In Conversation | Architects Dimitris and Konstantinos Karampatakis
Athens-based architecture and design practice K-STUDIO co-founders and brothers Dimitris and Konstantinos Karampatakis impart their knowledge of cities, landscapes and building processes in an exclusive interview with est.
Architects Dimitris and Konstantinos Karampatakis founded K-STUDIO in 2004 and have since become renowned for their progressive, highly contextual approach to architecture and design. Each of their projects – be it a restaurant, hotel, airport lounge, beach club, shop or private residence – convey a formidable understanding of Greek history, buildings and landscapes, as well as a deep respect for Mediterranean craftsmanship. Their iconic Villa Mandra has become a hallmark of Greek residential design, while projects like Villa Vora and Kálesma are paving the way for boutique hospitality spaces. Leaders, innovators and makers; here’s Dimitris and Konstantinos in conversation with est, revealing what it takes to run one of the most celebrated architecture and design studios in Greece.
It’s not every day you meet a design duo that are brothers. What’s the best part of running an architecture firm together?
Dimitris Karampatakis: As brothers, we have this intrinsic connection and unconditional trust, which allows us to agree, even when we disagree.
Konstantinos Karampatakis: We have very different personalities, but they complement each other very well. We can have different perspectives on the same topic but find a tangent where the best solution normally lies. It’s these complementary qualities that we admire most about each other.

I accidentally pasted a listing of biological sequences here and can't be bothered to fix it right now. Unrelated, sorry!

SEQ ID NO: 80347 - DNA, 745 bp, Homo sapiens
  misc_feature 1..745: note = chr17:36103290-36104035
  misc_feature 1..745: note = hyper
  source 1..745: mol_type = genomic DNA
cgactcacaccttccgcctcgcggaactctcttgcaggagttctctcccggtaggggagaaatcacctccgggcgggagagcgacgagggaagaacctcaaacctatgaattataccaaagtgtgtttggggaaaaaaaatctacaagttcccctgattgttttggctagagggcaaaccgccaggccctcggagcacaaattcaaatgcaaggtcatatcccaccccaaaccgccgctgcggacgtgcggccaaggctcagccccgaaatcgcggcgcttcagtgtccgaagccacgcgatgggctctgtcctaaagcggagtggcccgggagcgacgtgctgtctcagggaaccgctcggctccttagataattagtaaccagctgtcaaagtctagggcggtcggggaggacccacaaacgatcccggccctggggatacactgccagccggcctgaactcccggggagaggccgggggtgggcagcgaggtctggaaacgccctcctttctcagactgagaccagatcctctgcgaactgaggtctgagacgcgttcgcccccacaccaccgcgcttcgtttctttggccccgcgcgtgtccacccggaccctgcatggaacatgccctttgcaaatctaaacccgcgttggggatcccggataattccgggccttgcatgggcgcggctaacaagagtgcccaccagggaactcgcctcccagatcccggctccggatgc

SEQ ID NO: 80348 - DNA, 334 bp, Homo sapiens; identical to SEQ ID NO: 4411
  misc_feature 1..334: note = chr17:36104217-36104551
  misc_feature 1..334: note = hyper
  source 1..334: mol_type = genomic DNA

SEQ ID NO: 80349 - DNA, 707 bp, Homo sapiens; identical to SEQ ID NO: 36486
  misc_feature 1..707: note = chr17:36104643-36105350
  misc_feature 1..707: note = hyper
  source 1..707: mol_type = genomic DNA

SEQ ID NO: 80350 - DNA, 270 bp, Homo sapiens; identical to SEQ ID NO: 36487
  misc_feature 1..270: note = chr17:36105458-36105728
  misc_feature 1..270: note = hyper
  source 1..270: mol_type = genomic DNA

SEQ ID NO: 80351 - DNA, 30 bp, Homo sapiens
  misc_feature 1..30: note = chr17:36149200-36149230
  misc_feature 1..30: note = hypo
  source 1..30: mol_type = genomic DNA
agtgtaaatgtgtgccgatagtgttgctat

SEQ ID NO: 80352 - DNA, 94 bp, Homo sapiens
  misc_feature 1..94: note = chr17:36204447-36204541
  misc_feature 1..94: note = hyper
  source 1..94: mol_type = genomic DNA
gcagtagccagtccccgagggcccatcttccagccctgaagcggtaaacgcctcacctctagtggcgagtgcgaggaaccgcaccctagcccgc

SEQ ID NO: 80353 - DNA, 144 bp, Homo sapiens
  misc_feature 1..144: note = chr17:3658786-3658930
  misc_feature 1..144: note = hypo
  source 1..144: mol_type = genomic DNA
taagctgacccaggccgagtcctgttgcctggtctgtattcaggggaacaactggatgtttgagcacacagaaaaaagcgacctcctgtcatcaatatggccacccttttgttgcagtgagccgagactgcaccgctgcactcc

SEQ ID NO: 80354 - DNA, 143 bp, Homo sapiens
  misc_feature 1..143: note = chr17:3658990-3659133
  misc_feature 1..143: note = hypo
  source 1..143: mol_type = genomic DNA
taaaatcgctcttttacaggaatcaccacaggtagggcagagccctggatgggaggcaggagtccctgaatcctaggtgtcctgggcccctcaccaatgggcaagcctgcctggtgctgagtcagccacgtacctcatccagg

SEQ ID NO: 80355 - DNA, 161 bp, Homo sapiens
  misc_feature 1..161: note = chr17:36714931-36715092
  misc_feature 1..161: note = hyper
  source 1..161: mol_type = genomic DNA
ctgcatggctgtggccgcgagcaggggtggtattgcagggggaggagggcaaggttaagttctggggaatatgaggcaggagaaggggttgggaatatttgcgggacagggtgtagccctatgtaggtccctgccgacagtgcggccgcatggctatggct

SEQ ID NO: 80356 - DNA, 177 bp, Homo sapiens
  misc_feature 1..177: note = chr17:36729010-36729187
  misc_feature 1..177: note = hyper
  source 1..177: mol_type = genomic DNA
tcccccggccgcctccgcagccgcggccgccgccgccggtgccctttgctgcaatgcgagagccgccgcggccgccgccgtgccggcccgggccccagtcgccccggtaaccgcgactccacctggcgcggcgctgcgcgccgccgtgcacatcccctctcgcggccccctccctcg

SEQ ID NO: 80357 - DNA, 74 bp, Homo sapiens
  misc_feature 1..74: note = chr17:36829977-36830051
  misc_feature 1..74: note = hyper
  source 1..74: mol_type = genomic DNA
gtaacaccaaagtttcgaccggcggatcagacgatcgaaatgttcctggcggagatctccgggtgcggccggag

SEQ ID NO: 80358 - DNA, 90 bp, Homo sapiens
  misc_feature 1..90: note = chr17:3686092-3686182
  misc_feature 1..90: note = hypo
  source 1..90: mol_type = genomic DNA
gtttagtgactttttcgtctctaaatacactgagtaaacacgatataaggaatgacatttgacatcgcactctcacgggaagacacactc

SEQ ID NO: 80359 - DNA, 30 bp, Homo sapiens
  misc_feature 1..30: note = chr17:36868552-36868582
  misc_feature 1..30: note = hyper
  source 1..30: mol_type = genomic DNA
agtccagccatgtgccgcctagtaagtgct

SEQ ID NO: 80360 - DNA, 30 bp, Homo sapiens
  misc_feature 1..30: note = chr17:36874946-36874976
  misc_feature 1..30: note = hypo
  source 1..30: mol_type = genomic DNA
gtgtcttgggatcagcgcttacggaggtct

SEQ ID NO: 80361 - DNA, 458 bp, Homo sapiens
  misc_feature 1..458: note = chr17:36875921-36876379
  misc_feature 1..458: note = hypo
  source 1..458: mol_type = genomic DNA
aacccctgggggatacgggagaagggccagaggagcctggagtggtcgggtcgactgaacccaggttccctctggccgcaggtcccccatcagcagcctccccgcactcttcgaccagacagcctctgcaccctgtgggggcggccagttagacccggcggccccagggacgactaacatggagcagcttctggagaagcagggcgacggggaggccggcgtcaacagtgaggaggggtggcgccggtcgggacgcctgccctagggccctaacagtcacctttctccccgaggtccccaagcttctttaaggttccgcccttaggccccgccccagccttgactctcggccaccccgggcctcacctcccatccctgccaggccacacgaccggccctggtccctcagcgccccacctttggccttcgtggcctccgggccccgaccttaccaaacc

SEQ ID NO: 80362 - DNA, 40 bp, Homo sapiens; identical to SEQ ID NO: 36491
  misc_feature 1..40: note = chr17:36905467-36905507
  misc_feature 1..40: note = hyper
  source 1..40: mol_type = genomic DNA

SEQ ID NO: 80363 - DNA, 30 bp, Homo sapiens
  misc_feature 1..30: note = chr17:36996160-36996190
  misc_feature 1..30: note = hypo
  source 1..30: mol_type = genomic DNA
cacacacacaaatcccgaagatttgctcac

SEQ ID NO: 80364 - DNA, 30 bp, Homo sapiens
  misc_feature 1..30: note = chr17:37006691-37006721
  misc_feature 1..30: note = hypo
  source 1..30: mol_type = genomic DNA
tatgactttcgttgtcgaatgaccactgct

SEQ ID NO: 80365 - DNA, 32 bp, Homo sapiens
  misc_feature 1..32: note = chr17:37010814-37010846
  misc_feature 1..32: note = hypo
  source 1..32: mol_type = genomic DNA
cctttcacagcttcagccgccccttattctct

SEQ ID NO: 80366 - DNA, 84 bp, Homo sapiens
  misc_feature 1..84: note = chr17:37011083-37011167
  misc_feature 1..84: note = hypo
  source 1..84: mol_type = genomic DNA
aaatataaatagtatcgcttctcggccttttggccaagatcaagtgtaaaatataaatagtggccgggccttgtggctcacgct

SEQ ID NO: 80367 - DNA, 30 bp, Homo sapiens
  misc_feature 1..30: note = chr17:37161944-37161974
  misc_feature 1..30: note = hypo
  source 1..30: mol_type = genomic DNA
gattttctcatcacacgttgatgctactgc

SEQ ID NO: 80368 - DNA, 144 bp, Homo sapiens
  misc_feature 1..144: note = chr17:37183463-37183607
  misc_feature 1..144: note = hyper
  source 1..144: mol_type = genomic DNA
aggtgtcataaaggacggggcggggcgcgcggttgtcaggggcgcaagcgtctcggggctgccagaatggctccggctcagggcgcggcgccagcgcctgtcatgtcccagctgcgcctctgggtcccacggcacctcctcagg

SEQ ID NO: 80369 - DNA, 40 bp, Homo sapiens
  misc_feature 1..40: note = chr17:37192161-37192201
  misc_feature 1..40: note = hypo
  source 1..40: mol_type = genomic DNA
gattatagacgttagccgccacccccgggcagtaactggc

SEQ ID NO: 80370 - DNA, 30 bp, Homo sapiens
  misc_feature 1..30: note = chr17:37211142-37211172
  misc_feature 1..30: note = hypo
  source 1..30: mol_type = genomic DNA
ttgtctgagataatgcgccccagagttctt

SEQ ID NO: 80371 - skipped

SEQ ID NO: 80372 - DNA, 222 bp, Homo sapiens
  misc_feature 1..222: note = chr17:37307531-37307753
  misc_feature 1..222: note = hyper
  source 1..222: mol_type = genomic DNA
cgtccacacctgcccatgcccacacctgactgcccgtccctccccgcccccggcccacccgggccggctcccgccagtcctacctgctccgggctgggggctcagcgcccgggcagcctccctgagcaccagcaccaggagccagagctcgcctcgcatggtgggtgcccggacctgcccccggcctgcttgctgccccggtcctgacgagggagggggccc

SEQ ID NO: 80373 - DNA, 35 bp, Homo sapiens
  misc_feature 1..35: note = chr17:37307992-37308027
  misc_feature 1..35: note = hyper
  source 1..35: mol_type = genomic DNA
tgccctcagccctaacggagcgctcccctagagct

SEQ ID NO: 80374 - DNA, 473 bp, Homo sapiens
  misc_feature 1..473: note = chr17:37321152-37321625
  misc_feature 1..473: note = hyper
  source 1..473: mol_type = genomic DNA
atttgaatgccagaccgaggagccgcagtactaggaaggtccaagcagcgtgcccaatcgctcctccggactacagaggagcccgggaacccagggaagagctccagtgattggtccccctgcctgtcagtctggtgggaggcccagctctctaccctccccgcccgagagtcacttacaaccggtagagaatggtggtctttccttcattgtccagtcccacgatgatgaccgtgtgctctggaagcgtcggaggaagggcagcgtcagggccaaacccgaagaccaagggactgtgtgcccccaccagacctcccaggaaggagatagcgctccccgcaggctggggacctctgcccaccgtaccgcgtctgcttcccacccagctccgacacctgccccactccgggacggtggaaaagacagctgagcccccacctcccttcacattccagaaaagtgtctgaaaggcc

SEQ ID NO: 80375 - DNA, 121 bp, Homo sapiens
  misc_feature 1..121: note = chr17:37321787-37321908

Can you tell us a bit about your childhood and what inspired you to become architects?
Konstantinos Karampatakis: Our father is an architect; he exposed us to construction sites from a young age and infused us with the seed of ‘building’. Our interest and love for the process of making stems from him, as he taught us various construction techniques and piqued our interest in the concept of materiality. Those experiences we had as children took us down the path of studying architecture so we could learn how to decide what to build and how to build it.
You are based in the world’s oldest city; how does Athen’s rich architectural history influence the way you design?
Konstantinos Karampatakis: We cannot avoid valuing the rich heritage of our built environment and feeling a responsibility to design in a way that reflects it both physically and culturally. In this way, our context provides a very rigid starting point for any design process.
And while you honour the past, what are you doing to protect the future?
Dimitris Karampatakis: Looking back, in order to look forward; learning from our own mistakes and not getting too carried away with temporary solutions (especially when it comes to technology); is a principle we rely on. We seek to implement low-tech solutions for high-tech problems – after all, there is a wealth of knowledge out there from generations of designers. How to take advantage of spatial qualities, create self-sufficient buildings (particularly temperature-regulating buildings), and use local, easy to access materials to reduce our carbon footprint – are just some of the lessons that have been handed down to us.